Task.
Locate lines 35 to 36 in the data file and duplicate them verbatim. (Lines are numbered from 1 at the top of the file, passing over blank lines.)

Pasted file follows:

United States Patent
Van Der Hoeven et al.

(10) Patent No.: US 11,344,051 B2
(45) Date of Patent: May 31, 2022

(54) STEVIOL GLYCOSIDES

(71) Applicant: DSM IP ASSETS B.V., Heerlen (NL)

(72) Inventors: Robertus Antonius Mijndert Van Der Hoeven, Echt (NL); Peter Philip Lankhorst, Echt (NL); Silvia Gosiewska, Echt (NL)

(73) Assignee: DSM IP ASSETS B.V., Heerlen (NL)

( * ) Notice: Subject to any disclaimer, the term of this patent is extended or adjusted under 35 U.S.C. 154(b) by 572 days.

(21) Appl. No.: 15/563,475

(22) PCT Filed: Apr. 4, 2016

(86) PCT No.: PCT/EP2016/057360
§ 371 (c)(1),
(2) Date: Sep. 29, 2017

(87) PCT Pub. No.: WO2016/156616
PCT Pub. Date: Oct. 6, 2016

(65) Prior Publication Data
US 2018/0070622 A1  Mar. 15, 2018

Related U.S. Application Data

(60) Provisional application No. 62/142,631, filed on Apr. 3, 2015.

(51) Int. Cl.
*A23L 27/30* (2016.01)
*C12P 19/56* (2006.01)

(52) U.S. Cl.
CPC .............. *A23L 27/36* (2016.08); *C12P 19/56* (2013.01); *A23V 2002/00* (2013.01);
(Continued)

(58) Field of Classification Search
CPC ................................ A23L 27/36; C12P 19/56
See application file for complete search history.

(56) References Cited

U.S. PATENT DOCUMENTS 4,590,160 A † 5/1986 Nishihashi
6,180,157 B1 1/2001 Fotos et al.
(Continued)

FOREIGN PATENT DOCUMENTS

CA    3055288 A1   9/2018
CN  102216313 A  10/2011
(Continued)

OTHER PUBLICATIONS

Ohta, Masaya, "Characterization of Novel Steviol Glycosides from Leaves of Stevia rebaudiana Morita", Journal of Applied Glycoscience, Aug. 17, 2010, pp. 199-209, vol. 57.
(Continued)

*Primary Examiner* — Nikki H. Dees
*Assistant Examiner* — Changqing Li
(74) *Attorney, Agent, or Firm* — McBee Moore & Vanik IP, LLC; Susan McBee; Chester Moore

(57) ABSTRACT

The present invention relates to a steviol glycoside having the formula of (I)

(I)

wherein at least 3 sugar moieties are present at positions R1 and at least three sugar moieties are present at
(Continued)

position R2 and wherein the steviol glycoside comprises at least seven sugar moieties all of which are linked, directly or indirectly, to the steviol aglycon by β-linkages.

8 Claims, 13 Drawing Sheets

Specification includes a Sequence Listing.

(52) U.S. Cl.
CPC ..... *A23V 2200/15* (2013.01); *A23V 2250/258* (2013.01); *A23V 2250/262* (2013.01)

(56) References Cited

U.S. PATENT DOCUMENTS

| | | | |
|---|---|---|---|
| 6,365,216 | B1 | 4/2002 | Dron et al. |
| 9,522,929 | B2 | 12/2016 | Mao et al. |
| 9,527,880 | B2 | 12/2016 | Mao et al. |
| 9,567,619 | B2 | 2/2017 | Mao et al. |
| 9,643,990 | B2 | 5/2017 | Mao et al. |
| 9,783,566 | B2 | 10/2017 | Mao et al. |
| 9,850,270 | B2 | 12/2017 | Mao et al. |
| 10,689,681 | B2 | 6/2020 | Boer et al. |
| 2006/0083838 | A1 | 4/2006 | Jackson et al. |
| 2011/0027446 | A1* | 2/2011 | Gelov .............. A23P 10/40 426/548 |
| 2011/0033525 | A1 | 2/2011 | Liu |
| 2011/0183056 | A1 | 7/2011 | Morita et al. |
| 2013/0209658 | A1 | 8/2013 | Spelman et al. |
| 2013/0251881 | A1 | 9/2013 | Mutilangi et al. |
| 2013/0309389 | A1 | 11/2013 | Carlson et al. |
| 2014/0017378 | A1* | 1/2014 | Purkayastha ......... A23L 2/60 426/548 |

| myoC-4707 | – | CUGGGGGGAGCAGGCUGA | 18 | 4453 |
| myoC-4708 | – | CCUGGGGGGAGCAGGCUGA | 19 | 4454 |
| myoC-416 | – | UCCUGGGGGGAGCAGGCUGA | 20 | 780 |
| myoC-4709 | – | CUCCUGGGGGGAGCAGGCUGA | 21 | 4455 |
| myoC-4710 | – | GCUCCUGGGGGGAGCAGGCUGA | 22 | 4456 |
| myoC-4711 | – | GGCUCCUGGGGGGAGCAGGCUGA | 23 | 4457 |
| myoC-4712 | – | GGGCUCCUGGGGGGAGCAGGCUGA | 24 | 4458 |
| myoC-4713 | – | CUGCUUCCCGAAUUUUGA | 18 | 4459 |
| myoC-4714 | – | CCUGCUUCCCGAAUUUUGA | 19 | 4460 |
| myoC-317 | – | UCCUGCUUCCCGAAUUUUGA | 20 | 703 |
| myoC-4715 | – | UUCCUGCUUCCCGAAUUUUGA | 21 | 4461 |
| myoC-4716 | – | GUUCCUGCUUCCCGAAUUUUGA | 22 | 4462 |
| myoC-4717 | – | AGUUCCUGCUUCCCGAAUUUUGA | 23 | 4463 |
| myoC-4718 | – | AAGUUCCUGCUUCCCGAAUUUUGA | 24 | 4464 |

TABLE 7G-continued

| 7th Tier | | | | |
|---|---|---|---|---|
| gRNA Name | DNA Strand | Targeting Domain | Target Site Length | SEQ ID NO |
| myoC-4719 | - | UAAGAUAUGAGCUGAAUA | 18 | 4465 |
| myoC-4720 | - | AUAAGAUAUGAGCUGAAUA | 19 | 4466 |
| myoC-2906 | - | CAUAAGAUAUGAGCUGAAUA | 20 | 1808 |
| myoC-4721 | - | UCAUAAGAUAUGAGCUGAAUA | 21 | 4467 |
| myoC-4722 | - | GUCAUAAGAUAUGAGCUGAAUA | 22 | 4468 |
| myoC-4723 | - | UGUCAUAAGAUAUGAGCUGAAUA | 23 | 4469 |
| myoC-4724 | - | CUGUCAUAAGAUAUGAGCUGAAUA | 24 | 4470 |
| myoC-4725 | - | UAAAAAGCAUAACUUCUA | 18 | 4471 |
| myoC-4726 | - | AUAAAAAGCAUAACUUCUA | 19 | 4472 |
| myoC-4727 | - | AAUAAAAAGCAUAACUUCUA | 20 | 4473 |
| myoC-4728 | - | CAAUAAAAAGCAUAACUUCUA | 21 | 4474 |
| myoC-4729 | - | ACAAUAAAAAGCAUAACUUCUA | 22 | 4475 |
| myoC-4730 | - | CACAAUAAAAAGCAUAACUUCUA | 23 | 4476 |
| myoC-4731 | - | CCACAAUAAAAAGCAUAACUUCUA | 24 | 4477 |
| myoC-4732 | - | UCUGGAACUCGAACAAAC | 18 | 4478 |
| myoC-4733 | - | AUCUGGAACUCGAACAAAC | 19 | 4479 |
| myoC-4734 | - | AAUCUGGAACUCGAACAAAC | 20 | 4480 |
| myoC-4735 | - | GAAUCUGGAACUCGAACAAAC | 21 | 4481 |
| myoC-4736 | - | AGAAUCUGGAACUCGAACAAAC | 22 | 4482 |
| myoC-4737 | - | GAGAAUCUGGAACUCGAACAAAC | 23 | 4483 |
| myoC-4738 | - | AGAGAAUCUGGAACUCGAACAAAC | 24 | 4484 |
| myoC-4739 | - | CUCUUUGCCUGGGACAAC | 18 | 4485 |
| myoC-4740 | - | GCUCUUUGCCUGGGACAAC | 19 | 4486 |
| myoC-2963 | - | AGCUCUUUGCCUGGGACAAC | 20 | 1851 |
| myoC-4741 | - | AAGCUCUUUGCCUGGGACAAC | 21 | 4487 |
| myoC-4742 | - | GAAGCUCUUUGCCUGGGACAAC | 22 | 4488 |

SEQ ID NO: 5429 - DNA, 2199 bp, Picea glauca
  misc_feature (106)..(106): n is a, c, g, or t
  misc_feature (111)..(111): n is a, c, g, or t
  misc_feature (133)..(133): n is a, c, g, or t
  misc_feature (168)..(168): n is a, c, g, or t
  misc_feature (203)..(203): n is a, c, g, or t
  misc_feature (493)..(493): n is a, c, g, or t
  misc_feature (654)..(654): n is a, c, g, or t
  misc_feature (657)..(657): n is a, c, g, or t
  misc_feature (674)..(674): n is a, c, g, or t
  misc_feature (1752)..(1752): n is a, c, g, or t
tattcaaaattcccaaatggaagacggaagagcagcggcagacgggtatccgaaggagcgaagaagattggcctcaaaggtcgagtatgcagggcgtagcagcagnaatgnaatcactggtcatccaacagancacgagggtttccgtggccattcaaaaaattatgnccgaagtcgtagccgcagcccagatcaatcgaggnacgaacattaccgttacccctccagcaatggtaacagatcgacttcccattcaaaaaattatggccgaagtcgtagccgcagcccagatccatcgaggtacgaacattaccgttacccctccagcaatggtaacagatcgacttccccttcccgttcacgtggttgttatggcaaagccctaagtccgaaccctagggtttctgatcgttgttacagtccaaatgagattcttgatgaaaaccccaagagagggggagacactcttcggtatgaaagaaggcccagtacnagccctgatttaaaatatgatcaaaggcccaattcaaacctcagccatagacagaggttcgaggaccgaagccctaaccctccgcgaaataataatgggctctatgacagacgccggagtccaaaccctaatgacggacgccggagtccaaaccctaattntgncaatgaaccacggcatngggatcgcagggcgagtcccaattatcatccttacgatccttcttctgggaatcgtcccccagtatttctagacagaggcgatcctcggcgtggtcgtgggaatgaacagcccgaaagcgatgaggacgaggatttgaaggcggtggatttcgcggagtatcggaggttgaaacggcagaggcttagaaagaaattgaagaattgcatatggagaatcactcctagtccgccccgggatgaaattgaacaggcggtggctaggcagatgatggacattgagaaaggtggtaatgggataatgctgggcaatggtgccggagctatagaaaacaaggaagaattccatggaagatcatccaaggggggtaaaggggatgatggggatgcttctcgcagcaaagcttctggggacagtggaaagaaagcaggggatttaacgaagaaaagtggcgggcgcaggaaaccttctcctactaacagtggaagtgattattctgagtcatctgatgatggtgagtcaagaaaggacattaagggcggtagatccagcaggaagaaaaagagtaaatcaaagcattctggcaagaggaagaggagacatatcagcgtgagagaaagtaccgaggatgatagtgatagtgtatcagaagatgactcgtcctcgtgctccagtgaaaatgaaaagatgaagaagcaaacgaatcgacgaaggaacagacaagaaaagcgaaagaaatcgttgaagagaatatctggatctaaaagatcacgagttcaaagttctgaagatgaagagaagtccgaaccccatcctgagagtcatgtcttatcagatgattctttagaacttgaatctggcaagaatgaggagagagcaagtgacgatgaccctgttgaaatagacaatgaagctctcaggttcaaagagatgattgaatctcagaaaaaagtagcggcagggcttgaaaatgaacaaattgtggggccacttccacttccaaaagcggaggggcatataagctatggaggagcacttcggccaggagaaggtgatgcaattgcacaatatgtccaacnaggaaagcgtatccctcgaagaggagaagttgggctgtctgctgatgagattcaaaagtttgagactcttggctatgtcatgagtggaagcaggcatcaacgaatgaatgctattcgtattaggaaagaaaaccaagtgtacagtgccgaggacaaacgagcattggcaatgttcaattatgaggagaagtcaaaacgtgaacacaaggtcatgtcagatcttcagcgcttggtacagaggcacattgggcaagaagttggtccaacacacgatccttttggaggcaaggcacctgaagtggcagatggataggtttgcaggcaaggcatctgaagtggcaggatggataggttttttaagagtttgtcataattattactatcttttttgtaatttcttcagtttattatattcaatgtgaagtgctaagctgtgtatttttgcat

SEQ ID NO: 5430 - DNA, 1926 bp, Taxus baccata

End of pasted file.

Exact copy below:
CA    3055288 A1   9/2018
CN  102216313 A  10/2011